The Danish government has announced a new proposal to resolve the problem of renewable energy tax (PSO) which the EU believes to be illegal and which has become markedly more expensive for businesses and citizens than planned. Climate and Energy Minister Lars Christian Lillehot will cancel all coastal wind turbines which were agreed to be built in 2012 and promises to replace them with a new off-shore wind farm in 2025. “When I think back on the energy agreement from 2012 it was a mistake that we agreed to build the coastal wind turbines,” he said. “The cancellation of the coastal wind turbines will save the country around 7 billion Krones ($1 billion). And when the new off-shore wind farm will be constructed from 2025 onwards, there will be ample budget available.” (1)
Since 2012 when the political agreement was reached, the cost of renewables has increased dramatically. This makes renewable alternatives a lot less attractive. Danes pay some of the most expensive electric bills in the world.
An analysis showed that in 2014 a staggering 66 percent of the average Danish electricity bill went to taxes and fees, 18 percent to transportation and only 15 percent of the price was for electricity itself. Only Germany came close with 52 percent in electricity taxes. At the behest of the EU, Denmark is now scrapping the green energy tariffs. (2)
Then there’s the issue of wind turbines.
The debate on the effects of infrasound on the health of people and animals living near wind parks has been raging on with more intensity than ever—especially since Denmark unexpectedly halted the permitting of new wind parks due to ‘health concerns’ from infrasound. (3)
Infrasound is defined as a low frequency sound under 16 Hz below the threshold of human hearing. Wind farms are notorious for generating these potentially harmful sub-audible frequencies. It is said that infrasound can be sensed a pressure to the ears or to the stomach, or as a slight vibration.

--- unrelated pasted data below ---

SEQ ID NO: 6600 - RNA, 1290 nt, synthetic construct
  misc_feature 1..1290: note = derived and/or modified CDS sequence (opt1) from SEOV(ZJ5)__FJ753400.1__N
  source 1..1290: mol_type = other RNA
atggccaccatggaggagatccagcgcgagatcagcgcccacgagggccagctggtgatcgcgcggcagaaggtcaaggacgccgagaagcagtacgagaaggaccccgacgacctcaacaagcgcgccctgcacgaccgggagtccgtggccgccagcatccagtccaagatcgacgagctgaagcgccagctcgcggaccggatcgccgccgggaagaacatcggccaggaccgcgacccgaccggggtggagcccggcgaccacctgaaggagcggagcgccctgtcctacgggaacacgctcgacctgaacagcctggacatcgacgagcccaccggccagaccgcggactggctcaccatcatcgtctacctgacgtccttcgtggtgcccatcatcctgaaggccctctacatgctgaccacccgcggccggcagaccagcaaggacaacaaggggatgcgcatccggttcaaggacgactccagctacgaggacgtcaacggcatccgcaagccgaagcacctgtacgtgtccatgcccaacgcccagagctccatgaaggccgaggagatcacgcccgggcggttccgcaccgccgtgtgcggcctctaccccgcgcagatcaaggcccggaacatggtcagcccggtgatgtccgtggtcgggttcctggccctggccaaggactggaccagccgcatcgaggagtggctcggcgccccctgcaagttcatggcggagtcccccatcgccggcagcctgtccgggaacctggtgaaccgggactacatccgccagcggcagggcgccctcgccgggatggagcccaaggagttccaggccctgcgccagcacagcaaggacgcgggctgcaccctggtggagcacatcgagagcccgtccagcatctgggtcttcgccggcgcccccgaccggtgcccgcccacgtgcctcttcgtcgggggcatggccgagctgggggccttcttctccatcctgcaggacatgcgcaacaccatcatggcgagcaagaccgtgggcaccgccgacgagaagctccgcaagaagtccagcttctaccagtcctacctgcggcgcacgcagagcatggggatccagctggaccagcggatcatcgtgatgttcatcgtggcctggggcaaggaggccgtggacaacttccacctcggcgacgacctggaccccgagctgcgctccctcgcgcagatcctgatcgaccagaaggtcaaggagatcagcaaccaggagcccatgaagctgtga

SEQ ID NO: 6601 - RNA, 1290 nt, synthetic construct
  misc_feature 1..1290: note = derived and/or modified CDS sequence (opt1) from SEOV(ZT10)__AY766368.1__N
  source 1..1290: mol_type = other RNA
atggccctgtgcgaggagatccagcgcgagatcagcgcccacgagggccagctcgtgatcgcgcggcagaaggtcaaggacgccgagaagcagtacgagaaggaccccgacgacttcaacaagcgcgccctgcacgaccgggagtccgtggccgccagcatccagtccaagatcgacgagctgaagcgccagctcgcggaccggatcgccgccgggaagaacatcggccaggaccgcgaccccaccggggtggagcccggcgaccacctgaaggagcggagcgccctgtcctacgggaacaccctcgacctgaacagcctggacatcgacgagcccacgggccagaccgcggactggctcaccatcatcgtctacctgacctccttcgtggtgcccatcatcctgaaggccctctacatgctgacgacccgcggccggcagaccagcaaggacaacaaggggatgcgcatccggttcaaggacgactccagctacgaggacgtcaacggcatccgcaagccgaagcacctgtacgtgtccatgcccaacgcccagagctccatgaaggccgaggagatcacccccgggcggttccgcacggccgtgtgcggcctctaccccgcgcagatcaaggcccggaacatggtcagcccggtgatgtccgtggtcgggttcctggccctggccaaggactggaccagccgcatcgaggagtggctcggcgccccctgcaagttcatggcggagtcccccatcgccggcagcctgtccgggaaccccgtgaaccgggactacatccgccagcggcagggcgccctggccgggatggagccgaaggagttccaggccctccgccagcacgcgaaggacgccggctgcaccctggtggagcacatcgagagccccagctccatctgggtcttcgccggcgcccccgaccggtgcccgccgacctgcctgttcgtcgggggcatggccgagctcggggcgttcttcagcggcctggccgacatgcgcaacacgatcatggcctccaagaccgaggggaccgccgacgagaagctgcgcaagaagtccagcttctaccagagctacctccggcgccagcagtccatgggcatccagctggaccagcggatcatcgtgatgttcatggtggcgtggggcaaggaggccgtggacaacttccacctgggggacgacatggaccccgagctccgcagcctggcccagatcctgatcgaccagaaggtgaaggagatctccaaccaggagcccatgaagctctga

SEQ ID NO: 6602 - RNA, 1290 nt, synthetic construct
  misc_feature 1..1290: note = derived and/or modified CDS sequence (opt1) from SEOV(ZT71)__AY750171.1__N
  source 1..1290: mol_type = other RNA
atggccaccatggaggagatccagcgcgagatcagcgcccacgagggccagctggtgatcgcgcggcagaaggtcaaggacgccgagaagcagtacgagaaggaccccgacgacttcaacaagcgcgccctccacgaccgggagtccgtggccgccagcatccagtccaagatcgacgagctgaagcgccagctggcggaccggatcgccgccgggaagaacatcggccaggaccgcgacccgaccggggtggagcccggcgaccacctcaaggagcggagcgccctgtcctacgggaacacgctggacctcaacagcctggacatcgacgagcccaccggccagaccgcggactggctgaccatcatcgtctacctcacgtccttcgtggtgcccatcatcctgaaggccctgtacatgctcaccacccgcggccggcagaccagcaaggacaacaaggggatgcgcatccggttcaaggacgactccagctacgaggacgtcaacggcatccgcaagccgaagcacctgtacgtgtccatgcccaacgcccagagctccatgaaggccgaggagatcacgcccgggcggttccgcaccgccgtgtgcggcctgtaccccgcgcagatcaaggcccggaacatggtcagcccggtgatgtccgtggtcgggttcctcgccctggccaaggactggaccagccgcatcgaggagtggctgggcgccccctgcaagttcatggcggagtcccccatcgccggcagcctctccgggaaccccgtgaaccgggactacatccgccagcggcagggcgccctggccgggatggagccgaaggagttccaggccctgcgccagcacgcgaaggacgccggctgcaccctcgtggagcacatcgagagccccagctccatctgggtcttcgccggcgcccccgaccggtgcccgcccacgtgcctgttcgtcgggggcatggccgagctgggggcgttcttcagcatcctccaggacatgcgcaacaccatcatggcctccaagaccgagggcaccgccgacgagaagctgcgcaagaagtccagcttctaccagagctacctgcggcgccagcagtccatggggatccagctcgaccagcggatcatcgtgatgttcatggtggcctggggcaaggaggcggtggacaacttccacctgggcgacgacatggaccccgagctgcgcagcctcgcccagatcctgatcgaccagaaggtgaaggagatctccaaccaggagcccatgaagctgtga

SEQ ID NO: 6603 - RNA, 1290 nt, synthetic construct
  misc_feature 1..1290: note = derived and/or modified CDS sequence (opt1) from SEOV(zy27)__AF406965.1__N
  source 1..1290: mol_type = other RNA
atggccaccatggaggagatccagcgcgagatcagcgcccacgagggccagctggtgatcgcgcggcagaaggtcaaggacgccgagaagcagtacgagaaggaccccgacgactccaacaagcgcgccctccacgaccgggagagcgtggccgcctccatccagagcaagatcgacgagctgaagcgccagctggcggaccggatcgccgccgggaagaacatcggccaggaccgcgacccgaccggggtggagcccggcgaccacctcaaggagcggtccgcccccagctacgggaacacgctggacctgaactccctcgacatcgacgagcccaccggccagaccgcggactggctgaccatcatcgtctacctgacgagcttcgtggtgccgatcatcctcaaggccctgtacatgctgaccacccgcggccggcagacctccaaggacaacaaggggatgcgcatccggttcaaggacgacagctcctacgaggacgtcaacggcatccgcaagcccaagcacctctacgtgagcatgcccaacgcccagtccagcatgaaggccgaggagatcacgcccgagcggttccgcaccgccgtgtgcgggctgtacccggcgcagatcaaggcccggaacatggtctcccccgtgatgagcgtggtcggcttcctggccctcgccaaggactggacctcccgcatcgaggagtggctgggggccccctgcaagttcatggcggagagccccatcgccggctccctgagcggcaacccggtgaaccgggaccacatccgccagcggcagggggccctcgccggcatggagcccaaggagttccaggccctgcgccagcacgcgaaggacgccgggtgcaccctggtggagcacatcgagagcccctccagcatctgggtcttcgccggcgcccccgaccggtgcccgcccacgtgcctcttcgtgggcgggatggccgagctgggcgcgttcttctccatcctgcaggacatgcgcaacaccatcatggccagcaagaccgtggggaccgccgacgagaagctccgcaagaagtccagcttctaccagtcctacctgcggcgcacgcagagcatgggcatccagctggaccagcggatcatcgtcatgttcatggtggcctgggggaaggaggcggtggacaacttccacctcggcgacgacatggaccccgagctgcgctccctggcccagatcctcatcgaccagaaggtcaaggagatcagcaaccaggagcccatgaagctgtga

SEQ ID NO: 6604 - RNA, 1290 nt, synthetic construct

The Minister of the Environment has been pretending all along that his country’s regulations about noise emitted by wind turbines are the most restrictive in the world. Yet in October 2012 he explained that 4 to 11% of neighbors would be annoyed by the characteristic pulsing sound from wind turbines, of which up to a thousand more will be imposed on the saturated Danish countryside. By contrast, world-renowned Danish acoustics professor Henrik Moller counters that 22 to 42% of the neighbors would be significantly affected by wind turbines, day or night. (4)
The media rave about how much power Denmark gets from wind. New York Times columnist Thomas Friedman says, “If only we could be as energy smart as Denmark.” Robert Bryce disagrees, “Friedman doesn’t fundamentally understand what he’s talking about. Denmark uses eight times more coal and twenty-five times more oil than wind.” (5)
Another report casts serious doubt on the accuracy of the statement that Danes satisfy 20 percent of their electricity through wind power. It was found that in 2006, scarcely five percent of the nation’s electricity demand was met by wind. And over the past five years, the average is less than 10 percent, despite Denmark having carpeted its land with the machines. (6)
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